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Macworld Expo Considered As a Helix of Semi-Precious Snowclones


If it's January, this must be Macworld.

Well, it's not January, of course, despite the snowclone (definition at the bottom of the page) in the first sentence, but the Samuel R. Delany science fiction novella snowcloned in the title was all about time, so join me as I time-travel back to January, 2008...

The First Rule of Apple product releases is: You do not talk about Apple product releases. The Second Rule of Apple product releases is: You DO NOT talk about Apple product releases. There was a time when Apple Computer leaked like Libby, but since the Second Coming of Steve Jobs it has become as furtive as Cheney. Now, what happens in Apple Engineering stays in Apple Engineering. That is, until Steve's keynote.

Oh, Steve, you had me at "We've got some awesome stuff to tell you about." True, there are lies, damned lies, and Steve Jobs keynotes. Granted, he's not an engineer but he plays one at Macworld. But when Steve Jobs takes the stage, the anticipation is so thick you can cut it with the knife you slice the bread with that CEO Steve is currently the best thing since. Okay, whatever else he is or isn't, Jobs is the King of Keynote. And I, for one, welcome our new corporate overlord. I mean, remember how it was before Steve returned?

Will the last person to leave Apple please turn off the lights? That's the scenario Chris (Employee Number 8) Espinosa was looking at before Steve Jobs came back, he once told me. Even Steve thought Apple was toast. Mmmm, toast. And then came the iMac.

Bondi. Name's Bondi. The brightly colored all-in-one computer was a gamble, but the package and the pitch were somehow perfect. Tigers and Leopards and Panthers, oh my! The software side, specifically the operating system replacement that Apple had to implement to survive, began in false starts and abandoned paths, but before long found its way. And this year at Macworld, the OS was no longer the focus, as Apple seems to have transitioned to a longer-than-a-year OS reversioning cycle.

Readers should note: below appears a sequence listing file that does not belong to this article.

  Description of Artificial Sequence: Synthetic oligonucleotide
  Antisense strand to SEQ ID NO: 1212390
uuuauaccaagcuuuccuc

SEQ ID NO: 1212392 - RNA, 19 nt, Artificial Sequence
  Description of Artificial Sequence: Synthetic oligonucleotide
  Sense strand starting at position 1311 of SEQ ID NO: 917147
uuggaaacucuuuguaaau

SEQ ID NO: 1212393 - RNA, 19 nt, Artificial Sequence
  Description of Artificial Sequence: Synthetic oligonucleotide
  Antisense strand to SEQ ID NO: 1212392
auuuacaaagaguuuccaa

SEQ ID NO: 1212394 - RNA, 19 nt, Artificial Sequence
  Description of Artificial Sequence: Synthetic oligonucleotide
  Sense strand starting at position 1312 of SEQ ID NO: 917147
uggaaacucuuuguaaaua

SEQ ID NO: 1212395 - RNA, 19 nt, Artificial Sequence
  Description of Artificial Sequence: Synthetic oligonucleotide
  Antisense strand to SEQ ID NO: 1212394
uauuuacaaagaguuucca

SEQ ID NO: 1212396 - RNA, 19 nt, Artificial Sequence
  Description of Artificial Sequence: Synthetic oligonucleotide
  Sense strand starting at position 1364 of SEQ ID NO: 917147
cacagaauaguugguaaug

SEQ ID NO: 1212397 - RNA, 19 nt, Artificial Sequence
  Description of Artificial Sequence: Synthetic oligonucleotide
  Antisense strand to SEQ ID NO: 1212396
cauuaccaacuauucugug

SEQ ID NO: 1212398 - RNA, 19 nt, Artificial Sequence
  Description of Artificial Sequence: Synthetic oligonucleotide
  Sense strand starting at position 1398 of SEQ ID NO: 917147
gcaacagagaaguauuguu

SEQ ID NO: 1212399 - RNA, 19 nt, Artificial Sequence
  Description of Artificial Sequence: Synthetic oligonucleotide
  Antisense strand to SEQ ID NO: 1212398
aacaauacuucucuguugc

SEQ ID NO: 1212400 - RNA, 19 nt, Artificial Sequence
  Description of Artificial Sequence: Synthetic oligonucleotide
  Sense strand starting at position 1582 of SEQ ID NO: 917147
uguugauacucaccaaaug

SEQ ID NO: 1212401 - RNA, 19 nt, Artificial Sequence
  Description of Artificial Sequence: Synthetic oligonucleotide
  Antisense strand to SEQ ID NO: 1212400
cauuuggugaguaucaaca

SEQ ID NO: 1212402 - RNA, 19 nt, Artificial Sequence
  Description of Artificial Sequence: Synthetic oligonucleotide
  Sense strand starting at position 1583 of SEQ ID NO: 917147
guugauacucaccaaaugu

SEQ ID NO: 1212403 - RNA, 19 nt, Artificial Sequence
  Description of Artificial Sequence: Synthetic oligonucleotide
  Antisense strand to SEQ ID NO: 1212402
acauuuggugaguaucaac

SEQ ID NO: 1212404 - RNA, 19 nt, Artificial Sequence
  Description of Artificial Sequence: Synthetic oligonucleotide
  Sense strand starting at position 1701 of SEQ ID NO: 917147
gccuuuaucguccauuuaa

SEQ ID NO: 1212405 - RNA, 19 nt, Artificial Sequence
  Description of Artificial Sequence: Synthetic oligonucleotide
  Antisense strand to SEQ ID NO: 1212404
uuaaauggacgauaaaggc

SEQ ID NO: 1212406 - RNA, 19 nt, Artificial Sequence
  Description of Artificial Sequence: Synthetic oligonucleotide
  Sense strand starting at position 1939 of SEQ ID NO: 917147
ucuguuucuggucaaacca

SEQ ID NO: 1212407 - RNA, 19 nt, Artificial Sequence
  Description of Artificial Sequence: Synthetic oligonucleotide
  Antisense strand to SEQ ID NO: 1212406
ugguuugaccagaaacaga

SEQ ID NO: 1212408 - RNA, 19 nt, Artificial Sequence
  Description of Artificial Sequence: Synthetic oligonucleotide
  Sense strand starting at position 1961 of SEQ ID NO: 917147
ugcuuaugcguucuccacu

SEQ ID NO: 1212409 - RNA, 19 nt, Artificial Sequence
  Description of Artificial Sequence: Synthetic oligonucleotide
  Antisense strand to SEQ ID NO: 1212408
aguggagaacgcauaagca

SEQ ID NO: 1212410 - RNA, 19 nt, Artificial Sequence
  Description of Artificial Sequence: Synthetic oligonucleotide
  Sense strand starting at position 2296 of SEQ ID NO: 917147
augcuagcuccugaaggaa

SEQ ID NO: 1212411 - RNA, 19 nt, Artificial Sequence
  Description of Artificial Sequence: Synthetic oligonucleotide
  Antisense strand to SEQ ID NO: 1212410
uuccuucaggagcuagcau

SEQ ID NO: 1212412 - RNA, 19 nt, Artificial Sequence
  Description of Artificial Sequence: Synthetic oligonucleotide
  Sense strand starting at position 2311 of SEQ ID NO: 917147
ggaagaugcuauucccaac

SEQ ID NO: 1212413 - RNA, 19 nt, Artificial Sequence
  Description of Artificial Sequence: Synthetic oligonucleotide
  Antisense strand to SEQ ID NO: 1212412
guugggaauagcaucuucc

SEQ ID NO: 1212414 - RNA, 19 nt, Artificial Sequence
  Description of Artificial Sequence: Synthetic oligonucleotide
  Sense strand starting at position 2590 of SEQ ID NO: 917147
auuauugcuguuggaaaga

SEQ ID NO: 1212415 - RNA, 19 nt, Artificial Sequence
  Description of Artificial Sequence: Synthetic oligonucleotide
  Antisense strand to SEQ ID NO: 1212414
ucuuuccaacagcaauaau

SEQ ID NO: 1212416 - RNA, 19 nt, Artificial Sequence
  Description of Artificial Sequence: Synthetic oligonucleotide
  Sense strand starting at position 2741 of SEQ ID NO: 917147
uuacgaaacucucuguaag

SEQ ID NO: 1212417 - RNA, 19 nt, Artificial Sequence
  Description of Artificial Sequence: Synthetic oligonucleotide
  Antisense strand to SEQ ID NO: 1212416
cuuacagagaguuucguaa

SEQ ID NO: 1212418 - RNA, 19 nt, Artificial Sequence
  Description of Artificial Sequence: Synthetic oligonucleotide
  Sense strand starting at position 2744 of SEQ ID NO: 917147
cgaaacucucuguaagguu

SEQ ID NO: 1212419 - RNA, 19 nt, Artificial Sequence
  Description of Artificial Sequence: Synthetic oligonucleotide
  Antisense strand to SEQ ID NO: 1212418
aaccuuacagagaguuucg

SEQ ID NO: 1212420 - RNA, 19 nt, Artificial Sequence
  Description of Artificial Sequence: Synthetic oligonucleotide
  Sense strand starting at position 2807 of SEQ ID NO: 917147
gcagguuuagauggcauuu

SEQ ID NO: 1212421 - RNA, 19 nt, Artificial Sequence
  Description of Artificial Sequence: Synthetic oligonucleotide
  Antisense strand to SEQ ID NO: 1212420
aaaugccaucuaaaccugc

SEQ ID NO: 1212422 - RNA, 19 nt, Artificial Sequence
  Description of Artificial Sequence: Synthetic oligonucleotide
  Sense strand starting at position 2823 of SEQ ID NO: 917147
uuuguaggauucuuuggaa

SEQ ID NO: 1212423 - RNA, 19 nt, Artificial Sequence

But Macworld always has big announcements; if not in the OS, where's the (fruitarian) beef? Well, there's that exercise in trade-offs, MacBook Air. Dude, where's my Firewire? Will someone please think of the battery replacement strategy? Oh my God, they killed Ethernet! Optical drives? We don't need no stinking optical drives! Read my lips: No second USB port. No, this is not your father's Macbook. Apple sacrificed many features to get the World's Thinnest Laptop, leading some to say...

Air is the new Cube, or: There's a thin line between thinness and cubism. Will MacBook Air go the way of the Mac Cube, which had an eye-catching form factor but was ultimately a failed product? I think not, because thin is the new fast. Thin isn't just a snazzy look, it's a feature. And Air doesn't make more compromises than other ultraportables, just different ones. Also, the fact that Air is not a replacement for any other Mac but a new box in the product grid means that expectations for Air sales need not be high—although I may have said something like that about the Cube in 2000.

I Phone therefore I Pod. It's the software, stupid. The Multitouch gesture language introduced in iPhone is migrating to iPods, but I'm keeping my eye on that version of OS X that iPhone runs. Here's my question: Is Apple trying to discover the perfect set of features and form factor for merging the Mac and iPod platforms into a future mobile computing/communication device?

Time Capsule, movie rentals, yadda yadda. I love the smell of hype in the morning.

One more thing: If we don't buy Apple products, then the terrorists have won.

Steve has left the building.

When I hear the word snowclone, I think of some sort of frozen dessert (snowclone is a dish best served cold?), but a snowclone, according to Wikipedia, is "a multi-use, customizable, instantly recognizable, time-worn, quoted or misquoted phrase or sentence that can be used in an entirely open array of different jokey variants by lazy journalists and writers." The first official snowclone recipe was, "If Eskimos have N words for snow, surely X have M words for Y." My first title for this column was the snowclonic "Dr. Snowclone or: How I Learned to Stop Worrying and Love Clichés," but a snowclone based on Chip Delany's "Time Considered as a Helix of Semi-Precious Stones" seemed to work better, especially since Delany has himself been described snowconically as "a writer of semi-precious words." Snowclones are all more or less semi-precious wordplay.

Michael Swaine

Editor-at-Large

mike@swaine.com


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